What about books? Do you both love to read? If Harry Potter is your thing, there are options from the Wizarding World of Harry Potter in Universal Orlando to the many Harry Potter sites in London. Jane Austen fan? What about a trip to the English countryside? To Kill a Mockingbird? Plan a trip to Alabama.
Maybe she loves the Broadway show Hamilton. Even if you can’t afford tickets in New York, did you realize that there are plenty of tickets available for much less than NYC in Chicago? (I’m actually debating getting tickets to see it for the second time when we are in Chicago this summer.) If you do manage to score tickets in NYC, you can also visit Alexander Hamilton’s home and take a legacy tour in New York. Or maybe you can visit Yorktown, Virginia to learn about the decisive battle that he was involved in there.
If television or movies are more your speed, find out where her favorite was filmed and have her research filming locations that you can visit. Love the Walking Dead? Plan a trip to Atlanta. More of a Hunger Games fan? Plan a trip to Asheville and the forests of North Carolina.
3 – Pick a theme. Little kids may love themes and quests, but don’t think your teen is above it either. It can be a nice way to tie a trip together. If you have a history buff, you can do a themed trip like our Civil Rights road trip.
Even if you are just visiting one city you can have a quest to find the best cupcakes in the city. Or maybe she loves watching the Food Network and would want to try a few celebrity chef restaurants. Diners, Drive Ins and Dives can be a great way to tie together a road trip. If you have a theater buff, pick a city (it doesn’t have to be New York) and plan to see a few shows while you are in town. A fun way to start planning is to brainstorm a theme and let that dictate the destination.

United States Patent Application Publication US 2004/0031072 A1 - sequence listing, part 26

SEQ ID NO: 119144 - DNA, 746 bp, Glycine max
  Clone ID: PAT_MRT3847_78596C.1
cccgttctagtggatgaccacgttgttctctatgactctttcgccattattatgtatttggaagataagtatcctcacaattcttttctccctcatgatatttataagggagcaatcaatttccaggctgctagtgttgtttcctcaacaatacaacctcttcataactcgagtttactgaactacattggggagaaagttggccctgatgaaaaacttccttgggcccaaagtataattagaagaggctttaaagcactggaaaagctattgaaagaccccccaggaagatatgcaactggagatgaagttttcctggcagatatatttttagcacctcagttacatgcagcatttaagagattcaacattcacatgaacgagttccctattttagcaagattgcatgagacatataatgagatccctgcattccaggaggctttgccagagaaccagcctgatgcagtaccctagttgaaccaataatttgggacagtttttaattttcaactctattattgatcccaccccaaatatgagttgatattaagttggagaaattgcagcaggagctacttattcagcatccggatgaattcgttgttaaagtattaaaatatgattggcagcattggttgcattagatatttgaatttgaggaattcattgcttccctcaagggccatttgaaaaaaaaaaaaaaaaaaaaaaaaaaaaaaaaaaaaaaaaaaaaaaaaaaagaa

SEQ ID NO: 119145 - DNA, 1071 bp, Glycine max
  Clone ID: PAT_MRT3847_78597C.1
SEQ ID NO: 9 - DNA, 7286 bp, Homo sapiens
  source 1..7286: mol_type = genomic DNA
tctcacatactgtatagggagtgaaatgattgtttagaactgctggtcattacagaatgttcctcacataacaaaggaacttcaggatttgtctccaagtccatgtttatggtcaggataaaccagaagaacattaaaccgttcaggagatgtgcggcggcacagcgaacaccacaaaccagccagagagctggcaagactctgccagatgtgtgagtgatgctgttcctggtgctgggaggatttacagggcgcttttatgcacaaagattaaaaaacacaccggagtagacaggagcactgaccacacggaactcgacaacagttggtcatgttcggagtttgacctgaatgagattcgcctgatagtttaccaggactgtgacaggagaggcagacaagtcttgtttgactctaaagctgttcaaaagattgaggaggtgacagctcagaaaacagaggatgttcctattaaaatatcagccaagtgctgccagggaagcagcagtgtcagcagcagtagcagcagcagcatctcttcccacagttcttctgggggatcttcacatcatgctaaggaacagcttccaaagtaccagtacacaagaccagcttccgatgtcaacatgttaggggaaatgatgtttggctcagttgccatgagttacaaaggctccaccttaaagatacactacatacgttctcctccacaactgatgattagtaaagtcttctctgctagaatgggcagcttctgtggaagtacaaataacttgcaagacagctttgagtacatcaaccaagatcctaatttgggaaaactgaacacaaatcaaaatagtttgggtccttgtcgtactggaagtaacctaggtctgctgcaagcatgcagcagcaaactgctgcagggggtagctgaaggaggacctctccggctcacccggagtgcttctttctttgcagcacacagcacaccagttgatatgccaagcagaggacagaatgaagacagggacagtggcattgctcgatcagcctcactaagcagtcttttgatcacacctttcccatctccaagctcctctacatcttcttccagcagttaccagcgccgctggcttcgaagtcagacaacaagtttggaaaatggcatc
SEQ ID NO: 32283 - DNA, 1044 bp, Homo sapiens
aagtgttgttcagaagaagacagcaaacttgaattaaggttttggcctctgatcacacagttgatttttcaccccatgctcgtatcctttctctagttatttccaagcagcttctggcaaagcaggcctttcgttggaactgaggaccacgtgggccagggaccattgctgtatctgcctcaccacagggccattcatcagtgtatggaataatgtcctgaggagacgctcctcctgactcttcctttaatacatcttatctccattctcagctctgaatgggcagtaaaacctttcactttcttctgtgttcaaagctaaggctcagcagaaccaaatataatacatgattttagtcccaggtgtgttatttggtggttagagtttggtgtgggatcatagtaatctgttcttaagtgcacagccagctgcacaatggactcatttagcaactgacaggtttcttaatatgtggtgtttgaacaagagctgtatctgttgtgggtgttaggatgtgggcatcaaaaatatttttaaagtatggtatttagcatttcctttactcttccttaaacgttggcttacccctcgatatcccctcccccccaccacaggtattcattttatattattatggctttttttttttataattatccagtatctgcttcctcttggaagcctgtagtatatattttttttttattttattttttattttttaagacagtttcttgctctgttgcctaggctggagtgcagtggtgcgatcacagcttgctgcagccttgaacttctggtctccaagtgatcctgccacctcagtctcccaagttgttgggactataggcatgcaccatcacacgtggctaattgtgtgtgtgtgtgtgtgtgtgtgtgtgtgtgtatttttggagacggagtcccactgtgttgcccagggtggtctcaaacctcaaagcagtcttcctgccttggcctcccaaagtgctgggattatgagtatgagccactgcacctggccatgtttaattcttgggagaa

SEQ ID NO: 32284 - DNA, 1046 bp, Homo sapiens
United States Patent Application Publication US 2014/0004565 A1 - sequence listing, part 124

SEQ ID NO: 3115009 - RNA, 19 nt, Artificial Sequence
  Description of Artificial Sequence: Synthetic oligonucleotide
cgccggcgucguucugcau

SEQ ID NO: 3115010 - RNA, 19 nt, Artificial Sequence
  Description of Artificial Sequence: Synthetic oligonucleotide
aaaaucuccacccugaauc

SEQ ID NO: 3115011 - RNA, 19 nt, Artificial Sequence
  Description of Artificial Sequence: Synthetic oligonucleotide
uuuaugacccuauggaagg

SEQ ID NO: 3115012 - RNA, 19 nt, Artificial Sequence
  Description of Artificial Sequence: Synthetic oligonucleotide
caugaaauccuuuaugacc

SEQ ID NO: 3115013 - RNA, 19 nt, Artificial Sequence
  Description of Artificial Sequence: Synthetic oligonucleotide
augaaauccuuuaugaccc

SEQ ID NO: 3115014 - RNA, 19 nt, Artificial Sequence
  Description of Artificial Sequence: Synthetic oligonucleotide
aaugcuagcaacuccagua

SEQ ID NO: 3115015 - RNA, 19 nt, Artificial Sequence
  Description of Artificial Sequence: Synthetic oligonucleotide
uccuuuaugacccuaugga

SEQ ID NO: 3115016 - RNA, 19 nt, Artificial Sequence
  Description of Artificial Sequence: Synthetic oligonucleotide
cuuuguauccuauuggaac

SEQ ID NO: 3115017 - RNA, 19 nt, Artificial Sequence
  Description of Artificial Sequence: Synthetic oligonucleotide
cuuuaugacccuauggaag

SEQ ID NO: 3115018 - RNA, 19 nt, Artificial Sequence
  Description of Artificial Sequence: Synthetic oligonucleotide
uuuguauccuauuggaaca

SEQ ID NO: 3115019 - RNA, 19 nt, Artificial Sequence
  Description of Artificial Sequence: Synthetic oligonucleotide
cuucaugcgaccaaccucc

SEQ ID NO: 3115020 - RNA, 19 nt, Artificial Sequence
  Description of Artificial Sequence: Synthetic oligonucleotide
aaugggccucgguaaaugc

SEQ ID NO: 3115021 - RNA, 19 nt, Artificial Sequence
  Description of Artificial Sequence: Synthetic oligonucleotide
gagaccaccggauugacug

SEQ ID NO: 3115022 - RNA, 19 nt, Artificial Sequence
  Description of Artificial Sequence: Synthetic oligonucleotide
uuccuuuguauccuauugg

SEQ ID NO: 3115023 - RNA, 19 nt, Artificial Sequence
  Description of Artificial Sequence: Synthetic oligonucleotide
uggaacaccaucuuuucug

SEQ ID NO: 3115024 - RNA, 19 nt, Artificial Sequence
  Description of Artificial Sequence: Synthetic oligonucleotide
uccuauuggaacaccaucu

For us this year, our theme is all about helping me hit my 50 states by 50 years old goal. So we are knocking out a lot of midwest and central states that we may not otherwise visit on a stand alone trip.
4 – Plan an activity that you can do together that you do side by side. If you take no other piece of advice from this article, let it be this. Doing something side-by-side, especially something that challenges you both and gets you out of your comfort zone, as it will elevate your bonds in a such a lasting way. When you talk about quality time, this is it.